Reach way back into your memory bank to the time when your broker presented you with a “pay or play” analysis to determine whether you comply with the employer mandate under the Affordable Care Act. There was the $2,000 penalty which applies to every full-time employee in the event there was no valid offer of coverage and the $3,000 penalty which applies if the offer was not affordable. These penalties were indexed and went up slightly each year.
For all the talk of repeal and replace, the Republican-controlled IRS just released guidance that they will begin to collect those penalties of employers who, in 2015, were out of compliance. No, they are not going away. The IRS has finally figured out how to interpret the dreaded 1094/1095 forms which we all struggled to complete – and will being sending out penalty letters. If you see §4980H on a letter from the IRS, brace yourself.
2015 was a phase-in year and an Applicable Large Employer (100 or more full-time employees) was required to offer minimum essential coverage which also met the minimum value standard to at least 70% of full-time employees and their eligible dependents as defined under the rules. Those employers who don’t will need to add up their full-time employees in each non-compliant month and subtract 80 (there is an exempt amount), then multiply by $173.33. The total for all 12 months will be the non-deductible excise that the IRS will seek to collect.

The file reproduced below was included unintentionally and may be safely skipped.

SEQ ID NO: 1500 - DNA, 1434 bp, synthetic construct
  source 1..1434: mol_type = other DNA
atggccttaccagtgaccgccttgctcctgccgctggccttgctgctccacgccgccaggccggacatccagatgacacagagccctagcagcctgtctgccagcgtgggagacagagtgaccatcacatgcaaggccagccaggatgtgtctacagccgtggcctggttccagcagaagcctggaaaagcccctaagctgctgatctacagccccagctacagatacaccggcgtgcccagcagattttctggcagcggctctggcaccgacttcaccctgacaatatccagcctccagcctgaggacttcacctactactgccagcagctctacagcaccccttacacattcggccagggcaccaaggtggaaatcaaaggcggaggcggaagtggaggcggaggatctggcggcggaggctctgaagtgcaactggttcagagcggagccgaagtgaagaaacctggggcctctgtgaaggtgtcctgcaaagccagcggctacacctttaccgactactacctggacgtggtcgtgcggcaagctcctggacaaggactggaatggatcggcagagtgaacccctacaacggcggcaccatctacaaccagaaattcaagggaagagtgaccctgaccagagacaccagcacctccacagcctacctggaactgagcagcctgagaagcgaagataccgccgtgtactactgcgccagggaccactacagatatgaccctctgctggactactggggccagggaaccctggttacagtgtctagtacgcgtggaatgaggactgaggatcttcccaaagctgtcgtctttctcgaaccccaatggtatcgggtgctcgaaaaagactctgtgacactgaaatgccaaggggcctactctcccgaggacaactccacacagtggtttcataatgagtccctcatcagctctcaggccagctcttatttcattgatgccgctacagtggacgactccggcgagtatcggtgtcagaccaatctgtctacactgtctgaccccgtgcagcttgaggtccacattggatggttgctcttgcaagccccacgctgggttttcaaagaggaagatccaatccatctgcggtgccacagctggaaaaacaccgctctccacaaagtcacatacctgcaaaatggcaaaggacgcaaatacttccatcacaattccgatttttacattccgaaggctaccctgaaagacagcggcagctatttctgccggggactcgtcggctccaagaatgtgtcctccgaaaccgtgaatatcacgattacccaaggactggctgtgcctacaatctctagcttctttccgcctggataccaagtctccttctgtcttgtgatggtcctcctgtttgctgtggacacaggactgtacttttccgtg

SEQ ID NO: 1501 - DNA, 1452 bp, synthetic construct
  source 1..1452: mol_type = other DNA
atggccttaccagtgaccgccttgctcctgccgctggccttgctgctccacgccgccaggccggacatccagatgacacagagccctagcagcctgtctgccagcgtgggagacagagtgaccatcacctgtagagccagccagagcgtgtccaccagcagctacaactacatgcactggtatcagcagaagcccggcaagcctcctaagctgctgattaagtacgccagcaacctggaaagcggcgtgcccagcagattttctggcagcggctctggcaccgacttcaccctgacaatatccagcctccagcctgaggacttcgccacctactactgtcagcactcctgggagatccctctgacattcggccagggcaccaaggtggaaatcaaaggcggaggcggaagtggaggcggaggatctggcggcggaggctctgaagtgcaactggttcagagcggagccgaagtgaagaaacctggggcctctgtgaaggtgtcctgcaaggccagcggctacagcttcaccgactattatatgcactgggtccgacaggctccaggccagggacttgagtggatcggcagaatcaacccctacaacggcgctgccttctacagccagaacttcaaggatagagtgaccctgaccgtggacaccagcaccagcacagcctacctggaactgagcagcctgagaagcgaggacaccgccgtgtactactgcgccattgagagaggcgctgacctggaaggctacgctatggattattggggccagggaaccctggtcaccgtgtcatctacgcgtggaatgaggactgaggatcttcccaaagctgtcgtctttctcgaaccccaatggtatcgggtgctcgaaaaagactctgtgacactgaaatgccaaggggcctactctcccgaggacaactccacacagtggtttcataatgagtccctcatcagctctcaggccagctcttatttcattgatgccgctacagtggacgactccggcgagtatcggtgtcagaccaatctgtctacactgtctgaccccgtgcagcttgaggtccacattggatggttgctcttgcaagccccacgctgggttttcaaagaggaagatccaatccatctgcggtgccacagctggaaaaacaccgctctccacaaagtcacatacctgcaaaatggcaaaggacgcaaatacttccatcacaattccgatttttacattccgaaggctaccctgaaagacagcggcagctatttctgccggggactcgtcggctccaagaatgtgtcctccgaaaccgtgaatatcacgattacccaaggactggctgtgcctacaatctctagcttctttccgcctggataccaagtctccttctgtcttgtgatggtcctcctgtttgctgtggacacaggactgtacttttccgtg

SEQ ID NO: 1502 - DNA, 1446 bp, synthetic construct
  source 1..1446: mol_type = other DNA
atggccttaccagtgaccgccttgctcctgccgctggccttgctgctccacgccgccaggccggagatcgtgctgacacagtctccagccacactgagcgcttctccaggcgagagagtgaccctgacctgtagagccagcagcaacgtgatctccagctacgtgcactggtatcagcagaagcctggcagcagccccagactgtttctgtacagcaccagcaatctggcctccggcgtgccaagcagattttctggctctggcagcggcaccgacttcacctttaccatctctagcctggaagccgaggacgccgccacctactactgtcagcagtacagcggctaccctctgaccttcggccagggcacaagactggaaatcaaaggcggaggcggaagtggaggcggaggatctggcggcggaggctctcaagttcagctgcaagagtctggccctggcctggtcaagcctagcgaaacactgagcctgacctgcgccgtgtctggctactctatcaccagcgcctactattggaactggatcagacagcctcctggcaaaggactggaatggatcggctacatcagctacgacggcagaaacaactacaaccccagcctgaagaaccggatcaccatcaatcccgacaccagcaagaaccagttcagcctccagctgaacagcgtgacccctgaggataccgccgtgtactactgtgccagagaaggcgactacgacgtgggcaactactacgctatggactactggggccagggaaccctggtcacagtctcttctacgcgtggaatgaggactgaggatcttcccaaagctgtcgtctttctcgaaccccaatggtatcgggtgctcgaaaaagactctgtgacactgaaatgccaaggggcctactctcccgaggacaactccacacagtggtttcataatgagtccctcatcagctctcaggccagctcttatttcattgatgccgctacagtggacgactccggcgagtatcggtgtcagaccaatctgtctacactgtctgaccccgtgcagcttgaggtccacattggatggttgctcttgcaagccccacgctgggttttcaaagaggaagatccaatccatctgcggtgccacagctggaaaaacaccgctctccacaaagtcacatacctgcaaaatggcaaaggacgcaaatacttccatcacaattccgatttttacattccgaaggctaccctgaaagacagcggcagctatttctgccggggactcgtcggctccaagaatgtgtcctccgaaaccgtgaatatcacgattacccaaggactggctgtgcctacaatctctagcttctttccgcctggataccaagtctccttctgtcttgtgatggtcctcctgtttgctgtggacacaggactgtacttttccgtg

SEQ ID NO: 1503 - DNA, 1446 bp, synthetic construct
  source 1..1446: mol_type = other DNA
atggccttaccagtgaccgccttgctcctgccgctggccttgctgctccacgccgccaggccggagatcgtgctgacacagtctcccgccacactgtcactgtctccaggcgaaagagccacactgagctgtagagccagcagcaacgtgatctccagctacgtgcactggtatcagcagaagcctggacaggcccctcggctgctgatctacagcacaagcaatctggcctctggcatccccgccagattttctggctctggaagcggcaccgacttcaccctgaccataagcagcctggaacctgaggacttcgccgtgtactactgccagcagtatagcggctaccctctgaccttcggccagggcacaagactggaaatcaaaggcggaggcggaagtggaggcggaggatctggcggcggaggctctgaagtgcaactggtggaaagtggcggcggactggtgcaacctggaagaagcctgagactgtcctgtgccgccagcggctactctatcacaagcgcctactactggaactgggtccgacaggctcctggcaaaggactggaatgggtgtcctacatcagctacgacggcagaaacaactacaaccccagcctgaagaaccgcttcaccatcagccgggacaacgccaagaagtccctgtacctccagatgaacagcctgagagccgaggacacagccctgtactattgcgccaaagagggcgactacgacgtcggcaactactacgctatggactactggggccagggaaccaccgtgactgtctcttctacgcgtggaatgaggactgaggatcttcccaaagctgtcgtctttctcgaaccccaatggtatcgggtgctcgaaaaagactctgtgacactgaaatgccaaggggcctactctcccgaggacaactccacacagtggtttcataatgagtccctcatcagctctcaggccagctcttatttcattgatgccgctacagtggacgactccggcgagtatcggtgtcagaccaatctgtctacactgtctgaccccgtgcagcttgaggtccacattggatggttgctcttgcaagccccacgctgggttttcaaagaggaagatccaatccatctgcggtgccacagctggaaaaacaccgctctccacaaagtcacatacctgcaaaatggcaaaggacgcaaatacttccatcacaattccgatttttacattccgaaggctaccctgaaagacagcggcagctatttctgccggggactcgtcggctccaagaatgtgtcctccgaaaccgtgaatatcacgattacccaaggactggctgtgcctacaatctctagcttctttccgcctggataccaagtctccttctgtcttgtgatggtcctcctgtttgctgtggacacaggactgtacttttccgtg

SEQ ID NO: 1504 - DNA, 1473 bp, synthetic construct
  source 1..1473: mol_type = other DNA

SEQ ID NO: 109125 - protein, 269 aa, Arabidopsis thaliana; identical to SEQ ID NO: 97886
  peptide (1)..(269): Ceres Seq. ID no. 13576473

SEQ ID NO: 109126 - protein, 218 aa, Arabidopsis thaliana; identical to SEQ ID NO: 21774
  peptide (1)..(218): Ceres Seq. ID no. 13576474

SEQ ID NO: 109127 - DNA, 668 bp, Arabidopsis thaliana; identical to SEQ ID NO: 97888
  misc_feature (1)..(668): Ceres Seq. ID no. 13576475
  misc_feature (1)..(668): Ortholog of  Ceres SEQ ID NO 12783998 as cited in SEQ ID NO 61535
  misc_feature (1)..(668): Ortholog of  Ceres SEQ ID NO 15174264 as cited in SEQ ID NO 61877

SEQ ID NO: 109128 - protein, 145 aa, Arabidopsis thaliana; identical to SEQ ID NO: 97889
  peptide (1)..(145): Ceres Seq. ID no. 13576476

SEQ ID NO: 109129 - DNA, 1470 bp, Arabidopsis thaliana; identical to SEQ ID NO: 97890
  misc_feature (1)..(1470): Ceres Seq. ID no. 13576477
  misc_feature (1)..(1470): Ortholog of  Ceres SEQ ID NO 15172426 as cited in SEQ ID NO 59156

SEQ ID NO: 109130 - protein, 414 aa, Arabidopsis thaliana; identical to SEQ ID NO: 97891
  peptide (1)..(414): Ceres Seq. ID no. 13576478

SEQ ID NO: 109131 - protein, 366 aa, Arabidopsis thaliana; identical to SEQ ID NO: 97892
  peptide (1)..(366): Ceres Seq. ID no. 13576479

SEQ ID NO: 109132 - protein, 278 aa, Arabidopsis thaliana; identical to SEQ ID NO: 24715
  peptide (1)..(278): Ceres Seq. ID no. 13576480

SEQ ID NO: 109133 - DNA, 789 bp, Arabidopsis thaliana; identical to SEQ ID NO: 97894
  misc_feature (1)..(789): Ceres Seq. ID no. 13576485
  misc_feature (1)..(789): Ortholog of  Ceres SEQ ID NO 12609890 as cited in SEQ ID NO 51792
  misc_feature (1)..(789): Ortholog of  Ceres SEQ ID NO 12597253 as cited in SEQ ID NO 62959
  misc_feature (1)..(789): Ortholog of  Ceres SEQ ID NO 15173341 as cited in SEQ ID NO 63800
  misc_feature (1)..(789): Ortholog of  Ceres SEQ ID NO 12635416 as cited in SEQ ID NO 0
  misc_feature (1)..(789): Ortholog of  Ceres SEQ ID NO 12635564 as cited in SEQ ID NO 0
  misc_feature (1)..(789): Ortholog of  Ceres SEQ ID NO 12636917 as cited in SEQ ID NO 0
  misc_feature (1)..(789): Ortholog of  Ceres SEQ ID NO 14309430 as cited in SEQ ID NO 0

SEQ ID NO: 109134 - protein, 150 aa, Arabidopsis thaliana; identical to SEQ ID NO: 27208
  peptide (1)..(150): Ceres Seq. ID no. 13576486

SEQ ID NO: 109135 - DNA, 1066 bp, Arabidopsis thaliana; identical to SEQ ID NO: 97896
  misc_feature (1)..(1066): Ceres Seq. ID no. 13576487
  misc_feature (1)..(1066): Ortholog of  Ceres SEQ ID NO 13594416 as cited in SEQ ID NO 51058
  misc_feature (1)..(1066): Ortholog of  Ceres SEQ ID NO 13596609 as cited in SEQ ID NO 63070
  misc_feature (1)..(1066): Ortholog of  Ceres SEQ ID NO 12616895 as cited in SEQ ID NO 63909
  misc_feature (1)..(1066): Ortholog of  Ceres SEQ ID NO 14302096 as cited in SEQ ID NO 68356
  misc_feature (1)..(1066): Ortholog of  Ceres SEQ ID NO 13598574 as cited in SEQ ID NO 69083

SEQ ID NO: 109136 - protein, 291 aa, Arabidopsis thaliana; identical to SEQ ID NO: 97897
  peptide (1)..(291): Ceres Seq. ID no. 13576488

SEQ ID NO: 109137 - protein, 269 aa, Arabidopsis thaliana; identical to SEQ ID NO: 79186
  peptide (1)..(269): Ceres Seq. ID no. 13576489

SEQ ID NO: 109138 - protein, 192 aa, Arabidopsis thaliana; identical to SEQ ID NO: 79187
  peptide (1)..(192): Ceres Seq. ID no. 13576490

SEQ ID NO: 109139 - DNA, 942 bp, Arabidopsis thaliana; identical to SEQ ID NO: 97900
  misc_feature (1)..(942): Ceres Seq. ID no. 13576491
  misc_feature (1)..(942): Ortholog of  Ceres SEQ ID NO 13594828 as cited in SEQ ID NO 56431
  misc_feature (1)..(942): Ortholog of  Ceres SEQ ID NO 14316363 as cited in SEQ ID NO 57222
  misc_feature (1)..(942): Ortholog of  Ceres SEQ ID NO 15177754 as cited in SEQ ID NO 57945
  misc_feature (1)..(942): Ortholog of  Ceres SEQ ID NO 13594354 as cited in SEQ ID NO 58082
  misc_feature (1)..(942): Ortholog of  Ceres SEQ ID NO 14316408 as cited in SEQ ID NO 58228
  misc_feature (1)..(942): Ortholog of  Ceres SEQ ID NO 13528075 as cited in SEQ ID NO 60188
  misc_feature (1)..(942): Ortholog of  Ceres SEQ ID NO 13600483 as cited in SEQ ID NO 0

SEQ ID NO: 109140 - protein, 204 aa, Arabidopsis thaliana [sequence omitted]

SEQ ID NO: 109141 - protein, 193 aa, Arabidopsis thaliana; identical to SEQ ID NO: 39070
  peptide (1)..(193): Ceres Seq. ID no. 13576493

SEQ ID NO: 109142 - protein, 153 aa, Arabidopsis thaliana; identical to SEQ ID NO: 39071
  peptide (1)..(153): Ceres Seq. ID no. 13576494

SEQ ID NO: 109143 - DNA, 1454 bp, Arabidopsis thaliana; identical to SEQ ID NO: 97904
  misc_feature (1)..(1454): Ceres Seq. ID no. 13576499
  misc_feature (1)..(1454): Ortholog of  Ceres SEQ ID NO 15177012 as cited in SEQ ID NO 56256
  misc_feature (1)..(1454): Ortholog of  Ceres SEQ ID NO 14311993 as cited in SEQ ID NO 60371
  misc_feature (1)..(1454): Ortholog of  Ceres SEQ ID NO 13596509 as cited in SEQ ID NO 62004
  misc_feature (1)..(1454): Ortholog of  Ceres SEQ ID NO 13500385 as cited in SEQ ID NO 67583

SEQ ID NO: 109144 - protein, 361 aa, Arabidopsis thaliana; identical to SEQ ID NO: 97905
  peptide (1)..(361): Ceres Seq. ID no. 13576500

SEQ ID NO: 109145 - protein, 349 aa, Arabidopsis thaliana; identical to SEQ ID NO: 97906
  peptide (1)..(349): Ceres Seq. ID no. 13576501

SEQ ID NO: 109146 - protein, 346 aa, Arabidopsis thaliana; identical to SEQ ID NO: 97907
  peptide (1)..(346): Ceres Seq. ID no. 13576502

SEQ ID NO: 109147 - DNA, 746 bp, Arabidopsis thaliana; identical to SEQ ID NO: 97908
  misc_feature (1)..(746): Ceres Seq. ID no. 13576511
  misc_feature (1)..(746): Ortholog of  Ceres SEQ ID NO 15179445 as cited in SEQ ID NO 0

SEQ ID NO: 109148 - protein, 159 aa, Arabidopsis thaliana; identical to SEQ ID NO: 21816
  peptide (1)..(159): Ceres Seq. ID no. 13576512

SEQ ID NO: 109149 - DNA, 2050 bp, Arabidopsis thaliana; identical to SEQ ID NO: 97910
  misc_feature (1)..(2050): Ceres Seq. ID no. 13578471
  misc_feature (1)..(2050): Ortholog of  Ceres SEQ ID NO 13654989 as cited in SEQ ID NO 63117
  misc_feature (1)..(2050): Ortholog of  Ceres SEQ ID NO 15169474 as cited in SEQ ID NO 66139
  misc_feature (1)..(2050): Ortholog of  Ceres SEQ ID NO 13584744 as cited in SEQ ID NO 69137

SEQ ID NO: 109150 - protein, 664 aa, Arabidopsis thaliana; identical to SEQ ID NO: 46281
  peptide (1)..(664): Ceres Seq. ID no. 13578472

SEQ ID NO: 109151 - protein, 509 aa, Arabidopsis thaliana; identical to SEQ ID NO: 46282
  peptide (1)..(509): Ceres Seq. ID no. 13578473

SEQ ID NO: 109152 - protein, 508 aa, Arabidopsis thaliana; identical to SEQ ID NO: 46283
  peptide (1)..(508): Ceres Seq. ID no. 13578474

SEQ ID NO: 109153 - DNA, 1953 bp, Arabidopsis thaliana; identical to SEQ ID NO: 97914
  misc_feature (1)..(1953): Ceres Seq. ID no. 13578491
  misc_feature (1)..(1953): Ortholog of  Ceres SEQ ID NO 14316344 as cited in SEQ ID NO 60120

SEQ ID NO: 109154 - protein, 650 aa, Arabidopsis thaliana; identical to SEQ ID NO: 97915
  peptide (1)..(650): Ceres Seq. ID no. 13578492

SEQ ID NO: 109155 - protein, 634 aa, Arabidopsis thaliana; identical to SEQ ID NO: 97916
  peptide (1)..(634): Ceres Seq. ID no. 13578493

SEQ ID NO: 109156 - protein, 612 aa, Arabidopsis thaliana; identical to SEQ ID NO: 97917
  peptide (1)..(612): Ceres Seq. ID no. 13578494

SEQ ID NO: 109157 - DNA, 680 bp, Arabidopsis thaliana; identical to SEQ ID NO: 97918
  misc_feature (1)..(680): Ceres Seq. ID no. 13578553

In the event this coverage was offered, but was not affordable, look for an IRS Letter 226J, which seeks $260 per month for every employee who purchased coverage on the exchange and received a subsidy. These penalties will be pulled right off the Form 1095s.
Due to confusion surrounding these regulations and the complexity of the required forms, the appeal process is going to be a mess. But no doubt, there are going to be a lot of angry and confused employers.
Lawyers, accountants and insurance brokers are going to get very busy sorting all this out and Frenkel Benefits is ready to assist.